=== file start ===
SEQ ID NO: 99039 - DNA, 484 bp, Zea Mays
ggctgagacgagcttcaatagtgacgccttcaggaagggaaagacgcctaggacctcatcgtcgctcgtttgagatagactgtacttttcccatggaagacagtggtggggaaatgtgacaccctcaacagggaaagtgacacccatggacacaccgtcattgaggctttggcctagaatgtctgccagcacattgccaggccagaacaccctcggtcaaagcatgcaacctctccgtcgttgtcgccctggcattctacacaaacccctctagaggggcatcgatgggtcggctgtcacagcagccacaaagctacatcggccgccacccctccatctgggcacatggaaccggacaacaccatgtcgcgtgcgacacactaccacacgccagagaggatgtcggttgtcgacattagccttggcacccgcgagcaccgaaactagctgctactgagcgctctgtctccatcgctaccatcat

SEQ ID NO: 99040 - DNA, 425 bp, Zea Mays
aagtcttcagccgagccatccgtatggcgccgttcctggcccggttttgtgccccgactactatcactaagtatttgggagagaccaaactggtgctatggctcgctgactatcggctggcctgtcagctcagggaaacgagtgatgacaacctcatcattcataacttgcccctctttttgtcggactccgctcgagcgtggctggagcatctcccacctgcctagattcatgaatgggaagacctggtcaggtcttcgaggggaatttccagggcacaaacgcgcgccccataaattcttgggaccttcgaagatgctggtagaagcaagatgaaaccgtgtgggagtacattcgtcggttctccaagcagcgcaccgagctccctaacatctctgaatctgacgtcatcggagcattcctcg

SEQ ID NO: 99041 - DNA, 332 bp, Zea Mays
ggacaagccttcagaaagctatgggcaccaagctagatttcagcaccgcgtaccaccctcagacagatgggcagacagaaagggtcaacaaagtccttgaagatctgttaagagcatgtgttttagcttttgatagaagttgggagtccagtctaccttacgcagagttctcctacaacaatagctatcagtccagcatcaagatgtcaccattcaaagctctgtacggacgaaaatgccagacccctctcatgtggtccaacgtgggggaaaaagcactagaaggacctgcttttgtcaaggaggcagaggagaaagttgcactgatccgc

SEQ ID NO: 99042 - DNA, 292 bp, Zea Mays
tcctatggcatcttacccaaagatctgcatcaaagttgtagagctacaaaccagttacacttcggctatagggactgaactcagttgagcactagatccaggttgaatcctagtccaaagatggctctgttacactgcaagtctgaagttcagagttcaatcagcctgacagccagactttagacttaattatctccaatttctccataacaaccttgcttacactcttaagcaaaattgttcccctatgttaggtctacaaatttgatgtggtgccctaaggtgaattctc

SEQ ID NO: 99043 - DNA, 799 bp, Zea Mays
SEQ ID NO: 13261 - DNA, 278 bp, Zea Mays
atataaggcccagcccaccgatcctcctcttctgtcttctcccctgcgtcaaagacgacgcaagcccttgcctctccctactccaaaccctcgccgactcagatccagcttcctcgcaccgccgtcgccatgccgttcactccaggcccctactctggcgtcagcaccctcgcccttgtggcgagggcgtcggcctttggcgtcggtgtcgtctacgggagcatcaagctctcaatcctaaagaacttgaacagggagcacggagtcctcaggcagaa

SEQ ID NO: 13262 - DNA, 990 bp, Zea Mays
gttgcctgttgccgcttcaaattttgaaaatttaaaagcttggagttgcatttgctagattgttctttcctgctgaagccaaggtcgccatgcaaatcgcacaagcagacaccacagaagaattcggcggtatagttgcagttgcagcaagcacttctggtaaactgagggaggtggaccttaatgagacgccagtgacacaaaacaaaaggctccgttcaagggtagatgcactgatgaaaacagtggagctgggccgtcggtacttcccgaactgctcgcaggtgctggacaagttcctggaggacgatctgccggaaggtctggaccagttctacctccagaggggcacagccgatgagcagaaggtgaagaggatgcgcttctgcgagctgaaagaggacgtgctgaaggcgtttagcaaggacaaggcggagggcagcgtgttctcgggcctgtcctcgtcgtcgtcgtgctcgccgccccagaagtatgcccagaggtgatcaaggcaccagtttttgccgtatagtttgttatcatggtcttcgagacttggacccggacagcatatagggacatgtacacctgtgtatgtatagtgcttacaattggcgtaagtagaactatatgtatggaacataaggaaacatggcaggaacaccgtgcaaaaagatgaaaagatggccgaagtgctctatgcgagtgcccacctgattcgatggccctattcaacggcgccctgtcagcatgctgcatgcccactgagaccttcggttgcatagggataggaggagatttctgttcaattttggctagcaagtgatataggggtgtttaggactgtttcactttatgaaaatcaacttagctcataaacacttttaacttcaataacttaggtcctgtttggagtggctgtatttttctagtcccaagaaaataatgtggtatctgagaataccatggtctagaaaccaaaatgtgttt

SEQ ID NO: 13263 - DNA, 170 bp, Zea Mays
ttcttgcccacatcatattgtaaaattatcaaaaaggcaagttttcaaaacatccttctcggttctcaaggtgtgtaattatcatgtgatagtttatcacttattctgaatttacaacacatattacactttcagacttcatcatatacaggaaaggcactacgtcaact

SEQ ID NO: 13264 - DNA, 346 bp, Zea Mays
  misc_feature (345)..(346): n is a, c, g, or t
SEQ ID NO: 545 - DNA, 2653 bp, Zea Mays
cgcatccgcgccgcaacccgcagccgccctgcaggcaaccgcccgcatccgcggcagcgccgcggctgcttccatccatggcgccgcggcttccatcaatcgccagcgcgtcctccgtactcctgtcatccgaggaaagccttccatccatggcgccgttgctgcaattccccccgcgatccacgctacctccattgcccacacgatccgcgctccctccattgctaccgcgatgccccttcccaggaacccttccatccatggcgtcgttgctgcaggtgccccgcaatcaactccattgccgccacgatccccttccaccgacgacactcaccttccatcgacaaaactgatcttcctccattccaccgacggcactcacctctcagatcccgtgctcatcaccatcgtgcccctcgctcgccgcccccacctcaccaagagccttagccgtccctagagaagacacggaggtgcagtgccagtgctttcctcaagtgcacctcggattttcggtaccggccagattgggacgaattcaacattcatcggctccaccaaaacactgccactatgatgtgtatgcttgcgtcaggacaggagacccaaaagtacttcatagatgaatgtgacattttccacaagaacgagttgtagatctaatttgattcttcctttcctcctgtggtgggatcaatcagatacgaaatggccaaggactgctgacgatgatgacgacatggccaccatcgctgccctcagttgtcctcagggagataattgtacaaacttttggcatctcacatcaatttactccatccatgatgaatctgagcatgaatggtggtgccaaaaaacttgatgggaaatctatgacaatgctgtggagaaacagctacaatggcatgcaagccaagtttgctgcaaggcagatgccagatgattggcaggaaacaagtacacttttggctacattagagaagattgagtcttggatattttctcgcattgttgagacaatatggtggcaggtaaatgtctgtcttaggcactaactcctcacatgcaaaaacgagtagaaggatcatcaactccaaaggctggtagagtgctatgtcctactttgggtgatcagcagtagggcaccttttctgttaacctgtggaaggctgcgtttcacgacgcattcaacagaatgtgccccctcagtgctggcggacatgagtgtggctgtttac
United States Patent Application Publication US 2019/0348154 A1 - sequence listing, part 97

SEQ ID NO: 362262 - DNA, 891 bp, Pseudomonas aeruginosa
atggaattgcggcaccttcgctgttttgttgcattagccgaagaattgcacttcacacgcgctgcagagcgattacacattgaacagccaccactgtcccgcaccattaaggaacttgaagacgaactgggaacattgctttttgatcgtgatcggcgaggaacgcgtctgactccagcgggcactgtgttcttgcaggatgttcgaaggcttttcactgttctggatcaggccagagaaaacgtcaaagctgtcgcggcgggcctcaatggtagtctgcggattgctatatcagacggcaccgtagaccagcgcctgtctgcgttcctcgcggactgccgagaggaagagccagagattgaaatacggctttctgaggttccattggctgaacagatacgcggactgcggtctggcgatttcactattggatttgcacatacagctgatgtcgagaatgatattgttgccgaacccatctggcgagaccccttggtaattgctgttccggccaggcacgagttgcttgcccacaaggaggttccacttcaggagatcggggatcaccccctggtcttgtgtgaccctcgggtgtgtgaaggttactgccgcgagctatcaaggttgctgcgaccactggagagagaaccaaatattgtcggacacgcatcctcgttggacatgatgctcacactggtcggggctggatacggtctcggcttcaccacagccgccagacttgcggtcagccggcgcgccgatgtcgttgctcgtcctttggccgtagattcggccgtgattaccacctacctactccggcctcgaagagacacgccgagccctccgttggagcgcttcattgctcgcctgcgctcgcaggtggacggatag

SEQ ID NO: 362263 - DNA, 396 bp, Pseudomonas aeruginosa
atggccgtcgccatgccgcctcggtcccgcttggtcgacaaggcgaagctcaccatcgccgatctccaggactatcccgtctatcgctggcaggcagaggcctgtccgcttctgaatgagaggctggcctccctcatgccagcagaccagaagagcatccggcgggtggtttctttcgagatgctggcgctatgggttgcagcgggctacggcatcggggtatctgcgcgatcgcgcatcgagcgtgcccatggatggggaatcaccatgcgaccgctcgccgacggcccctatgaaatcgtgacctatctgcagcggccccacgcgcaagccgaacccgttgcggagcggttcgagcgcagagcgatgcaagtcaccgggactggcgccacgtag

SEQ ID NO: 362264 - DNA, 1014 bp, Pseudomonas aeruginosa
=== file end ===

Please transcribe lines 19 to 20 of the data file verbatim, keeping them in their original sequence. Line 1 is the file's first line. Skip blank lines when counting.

cgcatccgcgccgcaacccgcagccgccctgcaggcaaccgcccgcatccgcggcagcgccgcggctgcttccatccatggcgccgcggcttccatcaatcgccagcgcgtcctccgtactcctgtcatccgaggaaagccttccatccatggcgccgttgctgcaattccccccgcgatccacgctacctccattgcccacacgatccgcgctccctccattgctaccgcgatgccccttcccaggaacccttccatccatggcgtcgttgctgcaggtgccccgcaatcaactccattgccgccacgatccccttccaccgacgacactcaccttccatcgacaaaactgatcttcctccattccaccgacggcactcacctctcagatcccgtgctcatcaccatcgtgcccctcgctcgccgcccccacctcaccaagagccttagccgtccctagagaagacacggaggtgcagtgccagtgctttcctcaagtgcacctcggattttcggtaccggccagattgggacgaattcaacattcatcggctccaccaaaacactgccactatgatgtgtatgcttgcgtcaggacaggagacccaaaagtacttcatagatgaatgtgacattttccacaagaacgagttgtagatctaatttgattcttcctttcctcctgtggtgggatcaatcagatacgaaatggccaaggactgctgacgatgatgacgacatggccaccatcgctgccctcagttgtcctcagggagataattgtacaaacttttggcatctcacatcaatttactccatccatgatgaatctgagcatgaatggtggtgccaaaaaacttgatgggaaatctatgacaatgctgtggagaaacagctacaatggcatgcaagccaagtttgctgcaaggcagatgccagatgattggcaggaaacaagtacacttttggctacattagagaagattgagtcttggatattttctcgcattgttgagacaatatggtggcaggtaaatgtctgtcttaggcactaactcctcacatgcaaaaacgagtagaaggatcatcaactccaaaggctggtagagtgctatgtcctactttgggtgatcagcagtagggcaccttttctgttaacctgtggaaggctgcgtttcacgacgcattcaacagaatgtgccccctcagtgctggcggacatgagtgtggctgtttac
United States Patent Application Publication US 2019/0348154 A1 - sequence listing, part 97